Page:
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  • Interview with John Zerzan
  • Arthur Versluis

John Zerzan (born 1943) is the most prominent living American anarchist and primitivist philosopher. His works criticize modern civilization as inherently oppressive, and encourage modern people to draw on "primitive" ways of life in developing new cultures. His rhetorical attacks on modernity are intense and extend beyond technology to even more basic elements of civilization, like domestication, language, symbolic thought (such as mathematics and art), and the concept of time. His books include Elements of Refusal (1988), Future Primitive and Other Essays (1994), Against Civilization: A Reader (1998), and Running on Emptiness (2002). He has published articles in Telos, Green Anarchy, and Fifth Estate, and is widely published on the web. He has been featured in articles in the New York Times and the Wall Street Journal, and he has been influential both in intellectual and in activist circles for several decades. According to a recent article on him in Orion magazine, his thought is the wellspring for much contemporary radical activism. We spoke with him in a café during his visit to Michigan in the spring of 2007. It is perhaps symbolic that our digital voice recorder broke just prior to the interview, and the two substitute recorders also malfunctioned during the interview. Nonetheless, the conversation provides insight into Zerzan's thought and into how he came to his radical ecological critique of contemporary technological society.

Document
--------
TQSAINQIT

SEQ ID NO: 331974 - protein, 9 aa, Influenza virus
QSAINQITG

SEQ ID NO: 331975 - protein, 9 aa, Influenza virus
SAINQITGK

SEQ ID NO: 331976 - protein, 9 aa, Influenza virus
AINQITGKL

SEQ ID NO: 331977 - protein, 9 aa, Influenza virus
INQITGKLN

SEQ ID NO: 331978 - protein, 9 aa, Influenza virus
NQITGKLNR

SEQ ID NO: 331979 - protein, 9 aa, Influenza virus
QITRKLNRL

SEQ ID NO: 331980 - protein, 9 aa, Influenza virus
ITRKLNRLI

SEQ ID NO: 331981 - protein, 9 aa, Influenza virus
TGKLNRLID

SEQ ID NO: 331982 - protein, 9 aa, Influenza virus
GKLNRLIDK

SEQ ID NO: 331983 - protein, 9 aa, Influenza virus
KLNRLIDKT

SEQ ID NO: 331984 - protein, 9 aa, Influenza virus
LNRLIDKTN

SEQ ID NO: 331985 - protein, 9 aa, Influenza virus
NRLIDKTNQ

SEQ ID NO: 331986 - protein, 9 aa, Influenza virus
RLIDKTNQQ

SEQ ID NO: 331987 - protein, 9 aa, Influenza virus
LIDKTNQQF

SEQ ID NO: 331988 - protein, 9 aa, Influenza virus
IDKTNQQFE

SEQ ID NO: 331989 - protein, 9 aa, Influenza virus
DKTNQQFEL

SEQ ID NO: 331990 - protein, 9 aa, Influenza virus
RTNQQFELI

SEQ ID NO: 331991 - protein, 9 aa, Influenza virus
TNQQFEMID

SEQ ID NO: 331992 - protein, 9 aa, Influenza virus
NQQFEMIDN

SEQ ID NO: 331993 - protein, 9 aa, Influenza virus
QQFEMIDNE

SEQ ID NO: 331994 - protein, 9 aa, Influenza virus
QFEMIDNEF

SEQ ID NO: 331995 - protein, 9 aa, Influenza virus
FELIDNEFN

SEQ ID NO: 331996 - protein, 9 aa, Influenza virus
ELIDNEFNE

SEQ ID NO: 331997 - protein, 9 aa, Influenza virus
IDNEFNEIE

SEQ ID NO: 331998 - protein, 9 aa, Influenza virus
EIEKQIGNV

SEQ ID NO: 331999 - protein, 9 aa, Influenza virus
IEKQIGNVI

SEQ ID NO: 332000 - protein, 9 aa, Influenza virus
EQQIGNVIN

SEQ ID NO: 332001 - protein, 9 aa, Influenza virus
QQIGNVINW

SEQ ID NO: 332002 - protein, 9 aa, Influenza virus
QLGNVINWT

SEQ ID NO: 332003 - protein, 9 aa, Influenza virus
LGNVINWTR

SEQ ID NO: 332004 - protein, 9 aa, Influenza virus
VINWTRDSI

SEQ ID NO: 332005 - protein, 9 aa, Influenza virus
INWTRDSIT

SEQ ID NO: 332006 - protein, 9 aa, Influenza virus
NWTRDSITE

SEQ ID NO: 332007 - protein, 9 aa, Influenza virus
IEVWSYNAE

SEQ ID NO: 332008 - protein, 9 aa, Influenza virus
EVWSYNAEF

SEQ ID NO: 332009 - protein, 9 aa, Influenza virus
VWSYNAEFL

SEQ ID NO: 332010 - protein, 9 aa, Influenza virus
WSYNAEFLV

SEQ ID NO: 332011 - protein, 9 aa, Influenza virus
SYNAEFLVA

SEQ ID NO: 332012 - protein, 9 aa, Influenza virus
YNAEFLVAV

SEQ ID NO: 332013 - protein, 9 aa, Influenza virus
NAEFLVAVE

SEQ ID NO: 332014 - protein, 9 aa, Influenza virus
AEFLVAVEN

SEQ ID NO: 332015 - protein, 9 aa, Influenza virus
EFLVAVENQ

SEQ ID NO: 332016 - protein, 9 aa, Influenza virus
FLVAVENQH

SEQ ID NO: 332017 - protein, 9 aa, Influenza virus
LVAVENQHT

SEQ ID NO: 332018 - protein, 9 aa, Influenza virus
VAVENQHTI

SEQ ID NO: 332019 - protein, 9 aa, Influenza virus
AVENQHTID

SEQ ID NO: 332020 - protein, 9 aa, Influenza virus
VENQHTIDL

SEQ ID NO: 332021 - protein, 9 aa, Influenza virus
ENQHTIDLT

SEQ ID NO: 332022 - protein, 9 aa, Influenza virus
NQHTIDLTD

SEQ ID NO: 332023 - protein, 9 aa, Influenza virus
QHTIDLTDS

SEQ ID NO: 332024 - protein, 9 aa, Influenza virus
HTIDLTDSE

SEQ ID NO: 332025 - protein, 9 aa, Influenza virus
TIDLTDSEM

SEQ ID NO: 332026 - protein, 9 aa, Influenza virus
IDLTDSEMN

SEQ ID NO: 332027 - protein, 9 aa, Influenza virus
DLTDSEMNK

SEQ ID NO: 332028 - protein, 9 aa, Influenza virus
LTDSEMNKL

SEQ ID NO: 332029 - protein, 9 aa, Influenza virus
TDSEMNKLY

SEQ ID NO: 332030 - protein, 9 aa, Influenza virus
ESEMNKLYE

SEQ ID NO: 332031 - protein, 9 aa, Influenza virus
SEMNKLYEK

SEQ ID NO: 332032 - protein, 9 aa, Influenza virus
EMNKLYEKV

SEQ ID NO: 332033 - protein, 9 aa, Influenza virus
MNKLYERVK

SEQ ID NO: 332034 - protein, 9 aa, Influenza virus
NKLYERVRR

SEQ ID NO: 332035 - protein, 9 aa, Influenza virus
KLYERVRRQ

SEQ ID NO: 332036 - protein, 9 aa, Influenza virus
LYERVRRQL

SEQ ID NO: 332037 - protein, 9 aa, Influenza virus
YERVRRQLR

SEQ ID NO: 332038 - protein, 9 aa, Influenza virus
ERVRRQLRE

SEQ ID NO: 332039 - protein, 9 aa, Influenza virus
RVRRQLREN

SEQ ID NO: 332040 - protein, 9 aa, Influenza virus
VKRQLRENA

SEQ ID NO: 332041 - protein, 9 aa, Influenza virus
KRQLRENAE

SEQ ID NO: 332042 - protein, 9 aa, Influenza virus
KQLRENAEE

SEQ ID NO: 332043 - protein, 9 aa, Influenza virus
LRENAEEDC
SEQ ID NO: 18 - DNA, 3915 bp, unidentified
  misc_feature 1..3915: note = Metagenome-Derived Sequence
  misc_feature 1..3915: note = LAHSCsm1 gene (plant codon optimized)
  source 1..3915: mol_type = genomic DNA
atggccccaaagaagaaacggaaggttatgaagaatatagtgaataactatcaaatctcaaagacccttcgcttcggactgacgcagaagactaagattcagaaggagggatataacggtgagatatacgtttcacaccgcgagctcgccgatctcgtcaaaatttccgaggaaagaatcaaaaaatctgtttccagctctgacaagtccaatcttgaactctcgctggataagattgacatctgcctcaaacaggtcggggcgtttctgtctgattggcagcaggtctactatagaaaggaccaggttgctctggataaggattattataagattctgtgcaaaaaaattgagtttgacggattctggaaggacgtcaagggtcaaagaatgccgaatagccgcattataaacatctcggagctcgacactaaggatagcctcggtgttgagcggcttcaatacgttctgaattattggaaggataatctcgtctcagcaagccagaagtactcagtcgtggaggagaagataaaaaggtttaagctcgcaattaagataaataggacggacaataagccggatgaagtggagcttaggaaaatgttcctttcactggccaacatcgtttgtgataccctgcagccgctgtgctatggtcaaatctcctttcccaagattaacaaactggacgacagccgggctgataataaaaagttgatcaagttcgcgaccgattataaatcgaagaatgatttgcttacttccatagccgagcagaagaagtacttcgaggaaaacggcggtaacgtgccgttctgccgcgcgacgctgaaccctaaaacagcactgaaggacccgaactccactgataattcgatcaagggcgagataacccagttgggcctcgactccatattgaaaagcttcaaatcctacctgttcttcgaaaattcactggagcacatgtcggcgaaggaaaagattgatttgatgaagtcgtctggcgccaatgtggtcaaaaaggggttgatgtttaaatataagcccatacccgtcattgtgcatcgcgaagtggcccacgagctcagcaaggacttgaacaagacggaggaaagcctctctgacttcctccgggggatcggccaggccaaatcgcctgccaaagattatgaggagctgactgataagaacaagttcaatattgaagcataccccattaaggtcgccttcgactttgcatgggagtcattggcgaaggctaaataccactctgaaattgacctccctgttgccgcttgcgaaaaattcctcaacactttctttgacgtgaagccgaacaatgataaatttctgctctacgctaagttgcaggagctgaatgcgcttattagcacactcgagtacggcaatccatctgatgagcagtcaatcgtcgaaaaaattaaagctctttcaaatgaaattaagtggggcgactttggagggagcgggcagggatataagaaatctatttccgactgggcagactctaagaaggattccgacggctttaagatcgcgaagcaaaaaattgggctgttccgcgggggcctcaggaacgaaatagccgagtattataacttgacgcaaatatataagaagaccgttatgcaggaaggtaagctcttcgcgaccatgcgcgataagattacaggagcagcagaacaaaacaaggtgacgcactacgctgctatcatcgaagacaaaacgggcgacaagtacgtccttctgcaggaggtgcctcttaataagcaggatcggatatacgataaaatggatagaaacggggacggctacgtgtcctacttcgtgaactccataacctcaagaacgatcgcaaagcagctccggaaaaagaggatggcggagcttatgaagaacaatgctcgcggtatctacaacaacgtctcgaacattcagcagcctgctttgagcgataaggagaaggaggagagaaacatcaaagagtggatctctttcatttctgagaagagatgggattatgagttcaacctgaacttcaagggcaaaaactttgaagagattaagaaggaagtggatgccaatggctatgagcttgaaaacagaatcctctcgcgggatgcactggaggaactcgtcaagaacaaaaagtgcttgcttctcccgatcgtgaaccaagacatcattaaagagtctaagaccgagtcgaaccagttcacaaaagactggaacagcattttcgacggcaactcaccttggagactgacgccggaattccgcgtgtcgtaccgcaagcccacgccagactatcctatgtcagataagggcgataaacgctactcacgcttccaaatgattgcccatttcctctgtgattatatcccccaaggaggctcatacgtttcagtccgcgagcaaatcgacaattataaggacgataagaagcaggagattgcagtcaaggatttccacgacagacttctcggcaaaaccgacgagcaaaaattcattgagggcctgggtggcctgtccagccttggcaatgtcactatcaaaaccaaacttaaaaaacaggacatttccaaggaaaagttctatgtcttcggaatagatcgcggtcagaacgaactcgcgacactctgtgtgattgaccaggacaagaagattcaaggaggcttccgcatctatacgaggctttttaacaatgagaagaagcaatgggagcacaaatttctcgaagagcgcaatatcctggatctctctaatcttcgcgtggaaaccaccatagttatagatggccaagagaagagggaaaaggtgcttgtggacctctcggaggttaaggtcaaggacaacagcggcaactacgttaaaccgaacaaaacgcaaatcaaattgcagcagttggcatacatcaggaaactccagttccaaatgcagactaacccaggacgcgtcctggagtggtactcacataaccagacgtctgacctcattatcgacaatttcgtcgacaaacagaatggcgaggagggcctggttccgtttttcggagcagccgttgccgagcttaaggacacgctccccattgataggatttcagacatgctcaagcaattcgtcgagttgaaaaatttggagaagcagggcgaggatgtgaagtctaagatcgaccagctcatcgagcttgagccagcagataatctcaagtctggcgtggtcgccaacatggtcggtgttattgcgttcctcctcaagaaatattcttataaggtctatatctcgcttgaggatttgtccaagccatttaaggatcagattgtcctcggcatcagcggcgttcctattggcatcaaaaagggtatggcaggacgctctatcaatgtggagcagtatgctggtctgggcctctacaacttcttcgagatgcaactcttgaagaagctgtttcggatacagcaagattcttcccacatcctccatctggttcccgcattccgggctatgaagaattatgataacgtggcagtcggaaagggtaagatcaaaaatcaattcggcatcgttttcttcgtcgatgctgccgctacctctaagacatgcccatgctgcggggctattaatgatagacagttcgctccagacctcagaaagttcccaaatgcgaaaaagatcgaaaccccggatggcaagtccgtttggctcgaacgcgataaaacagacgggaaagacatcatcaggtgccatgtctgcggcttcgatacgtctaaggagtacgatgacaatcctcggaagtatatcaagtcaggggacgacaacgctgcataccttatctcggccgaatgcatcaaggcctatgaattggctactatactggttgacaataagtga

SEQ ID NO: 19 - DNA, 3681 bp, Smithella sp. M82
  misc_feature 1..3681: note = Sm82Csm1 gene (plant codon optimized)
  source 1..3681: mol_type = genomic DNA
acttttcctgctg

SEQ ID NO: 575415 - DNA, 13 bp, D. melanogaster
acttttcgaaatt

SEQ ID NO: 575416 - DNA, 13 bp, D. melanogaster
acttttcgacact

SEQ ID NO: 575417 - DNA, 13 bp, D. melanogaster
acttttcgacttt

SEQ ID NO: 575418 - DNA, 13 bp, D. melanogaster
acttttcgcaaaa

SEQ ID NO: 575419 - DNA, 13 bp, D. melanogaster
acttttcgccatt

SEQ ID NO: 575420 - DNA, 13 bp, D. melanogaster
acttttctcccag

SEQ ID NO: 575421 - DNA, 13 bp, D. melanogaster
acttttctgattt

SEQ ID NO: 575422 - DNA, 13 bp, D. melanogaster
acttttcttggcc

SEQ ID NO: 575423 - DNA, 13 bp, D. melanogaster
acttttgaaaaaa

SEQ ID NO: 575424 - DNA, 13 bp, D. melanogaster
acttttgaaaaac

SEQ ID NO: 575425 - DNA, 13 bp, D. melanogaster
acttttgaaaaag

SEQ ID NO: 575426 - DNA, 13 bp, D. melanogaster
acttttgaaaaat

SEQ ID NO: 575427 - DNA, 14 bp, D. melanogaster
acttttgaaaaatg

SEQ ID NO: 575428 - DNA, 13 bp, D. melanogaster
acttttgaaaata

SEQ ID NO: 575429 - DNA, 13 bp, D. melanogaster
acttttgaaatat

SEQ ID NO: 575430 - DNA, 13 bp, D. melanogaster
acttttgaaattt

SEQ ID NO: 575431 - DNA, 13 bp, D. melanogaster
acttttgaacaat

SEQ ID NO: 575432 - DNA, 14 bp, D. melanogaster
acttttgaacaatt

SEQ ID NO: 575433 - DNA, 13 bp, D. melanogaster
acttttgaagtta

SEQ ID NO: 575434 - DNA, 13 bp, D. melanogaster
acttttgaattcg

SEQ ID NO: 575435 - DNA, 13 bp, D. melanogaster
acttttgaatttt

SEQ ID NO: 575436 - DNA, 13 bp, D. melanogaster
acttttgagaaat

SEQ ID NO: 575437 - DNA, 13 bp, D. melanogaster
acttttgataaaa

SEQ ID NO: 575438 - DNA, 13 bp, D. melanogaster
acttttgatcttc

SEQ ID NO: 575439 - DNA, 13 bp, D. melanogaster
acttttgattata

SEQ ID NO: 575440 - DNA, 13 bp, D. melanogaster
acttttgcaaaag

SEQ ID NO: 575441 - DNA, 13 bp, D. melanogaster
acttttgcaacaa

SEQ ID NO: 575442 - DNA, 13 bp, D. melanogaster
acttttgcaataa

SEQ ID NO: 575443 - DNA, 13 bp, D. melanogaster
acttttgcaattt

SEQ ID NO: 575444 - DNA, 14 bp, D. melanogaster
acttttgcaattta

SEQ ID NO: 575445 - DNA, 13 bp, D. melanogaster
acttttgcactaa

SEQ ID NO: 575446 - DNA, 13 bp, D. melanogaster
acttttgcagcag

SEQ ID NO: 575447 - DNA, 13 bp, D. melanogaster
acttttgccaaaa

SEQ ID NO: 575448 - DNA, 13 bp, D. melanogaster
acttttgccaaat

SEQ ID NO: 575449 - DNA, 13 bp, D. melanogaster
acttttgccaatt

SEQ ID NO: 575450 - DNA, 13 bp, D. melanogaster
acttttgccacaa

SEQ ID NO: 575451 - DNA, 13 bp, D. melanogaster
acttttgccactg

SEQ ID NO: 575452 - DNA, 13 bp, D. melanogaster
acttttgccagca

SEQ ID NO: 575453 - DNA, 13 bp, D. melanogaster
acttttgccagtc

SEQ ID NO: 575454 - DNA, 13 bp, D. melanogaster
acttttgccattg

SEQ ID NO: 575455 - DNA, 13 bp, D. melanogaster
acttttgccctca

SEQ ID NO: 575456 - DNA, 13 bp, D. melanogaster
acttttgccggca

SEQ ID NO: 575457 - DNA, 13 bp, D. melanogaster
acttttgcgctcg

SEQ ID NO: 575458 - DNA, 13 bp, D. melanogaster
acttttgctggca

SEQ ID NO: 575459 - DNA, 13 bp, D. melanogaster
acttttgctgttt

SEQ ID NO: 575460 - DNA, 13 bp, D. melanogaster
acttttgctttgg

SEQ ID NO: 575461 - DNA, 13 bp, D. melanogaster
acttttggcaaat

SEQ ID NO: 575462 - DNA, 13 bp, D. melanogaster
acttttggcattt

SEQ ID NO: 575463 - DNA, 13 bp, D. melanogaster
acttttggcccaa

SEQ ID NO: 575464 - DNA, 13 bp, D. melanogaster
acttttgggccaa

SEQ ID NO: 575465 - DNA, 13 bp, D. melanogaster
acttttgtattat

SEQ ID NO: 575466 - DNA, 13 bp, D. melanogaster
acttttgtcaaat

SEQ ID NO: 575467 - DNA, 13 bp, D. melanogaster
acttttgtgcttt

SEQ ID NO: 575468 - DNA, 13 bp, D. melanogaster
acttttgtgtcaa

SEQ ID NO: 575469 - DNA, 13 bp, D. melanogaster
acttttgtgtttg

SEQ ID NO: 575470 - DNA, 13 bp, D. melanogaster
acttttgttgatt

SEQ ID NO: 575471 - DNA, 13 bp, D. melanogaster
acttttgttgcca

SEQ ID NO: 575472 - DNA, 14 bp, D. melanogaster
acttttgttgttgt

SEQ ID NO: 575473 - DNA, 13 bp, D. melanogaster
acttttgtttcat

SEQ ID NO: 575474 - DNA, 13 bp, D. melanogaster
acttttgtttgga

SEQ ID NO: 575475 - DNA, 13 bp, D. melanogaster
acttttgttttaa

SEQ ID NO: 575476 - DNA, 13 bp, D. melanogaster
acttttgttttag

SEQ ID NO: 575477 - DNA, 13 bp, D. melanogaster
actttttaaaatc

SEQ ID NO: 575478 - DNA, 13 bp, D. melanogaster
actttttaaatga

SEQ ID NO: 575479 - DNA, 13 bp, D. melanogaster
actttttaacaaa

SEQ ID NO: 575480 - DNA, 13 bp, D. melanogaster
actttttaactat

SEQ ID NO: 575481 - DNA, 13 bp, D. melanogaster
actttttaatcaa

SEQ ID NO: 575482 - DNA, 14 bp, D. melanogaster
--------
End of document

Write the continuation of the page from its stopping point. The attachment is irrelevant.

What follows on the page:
AV: Maybe we should start by talking about the fact that we are so enmeshed in technological society. Even coming here, we had to go back and forth by email and through cell phones. We're dependent on machinery and on getting the digital voice recorder to function for the interview. There is a comical [End Page 155] element, in some respects, to the degree to which we're immersed in this technology. I wondered what sorts of remarks you might have about that?

JZ: That's for sure—there is an ever greater amount of mediations. People have brought up the question of direct experience and what's happening to it with the welter of technological mediations, because you can't do anything now that isn't technologically mediated. How do you get out of this morass? Think about the technoculture and how enveloping it is. That's probably the central question: If you come up with an indictment against it, then, well, what are you going to do about it?

I am an editor of Green Anarchy magazine, and we use the computer in every respect, from the layout, and of course the email that you mentioned—all of it. I resent it, having to get email, since a few years ago, but there is no way around it. Of course, then one is subjected to that very criticism. I was in London a few years ago, and a guy jumped up and starting yelling, "How did you get here, how did you get here, did you swim here, did you swim here?" I said, "Oh no, I took a big smelly jet, of course I didn't swim here—no, you got me." We are all part of this: these contradictions are here, like it or not. I could go live in a cave, as some people have suggested, but I am trying to be a part of the dialogue, trying to make some kind of contribution here. So that is just the nature of the reality that we are in.

AV: One of the questions that I have concerning that, though, is how one practically moves toward what you see as a more stable way of existing in the world, or a more balanced one, given the pervasiveness of the machinery. You have written recently that Marxism is dead, and that there may be some liberatory potential from the death of the Left as a whole. Ideologically one can understand that, but on a practical level I'm not seeing how one gets from A to B. In other words, what kind of transitional framework or means do you see to achieve the society you envision?

JZ: That's just a profound challenge: how to make a break from our contemporary, technological...


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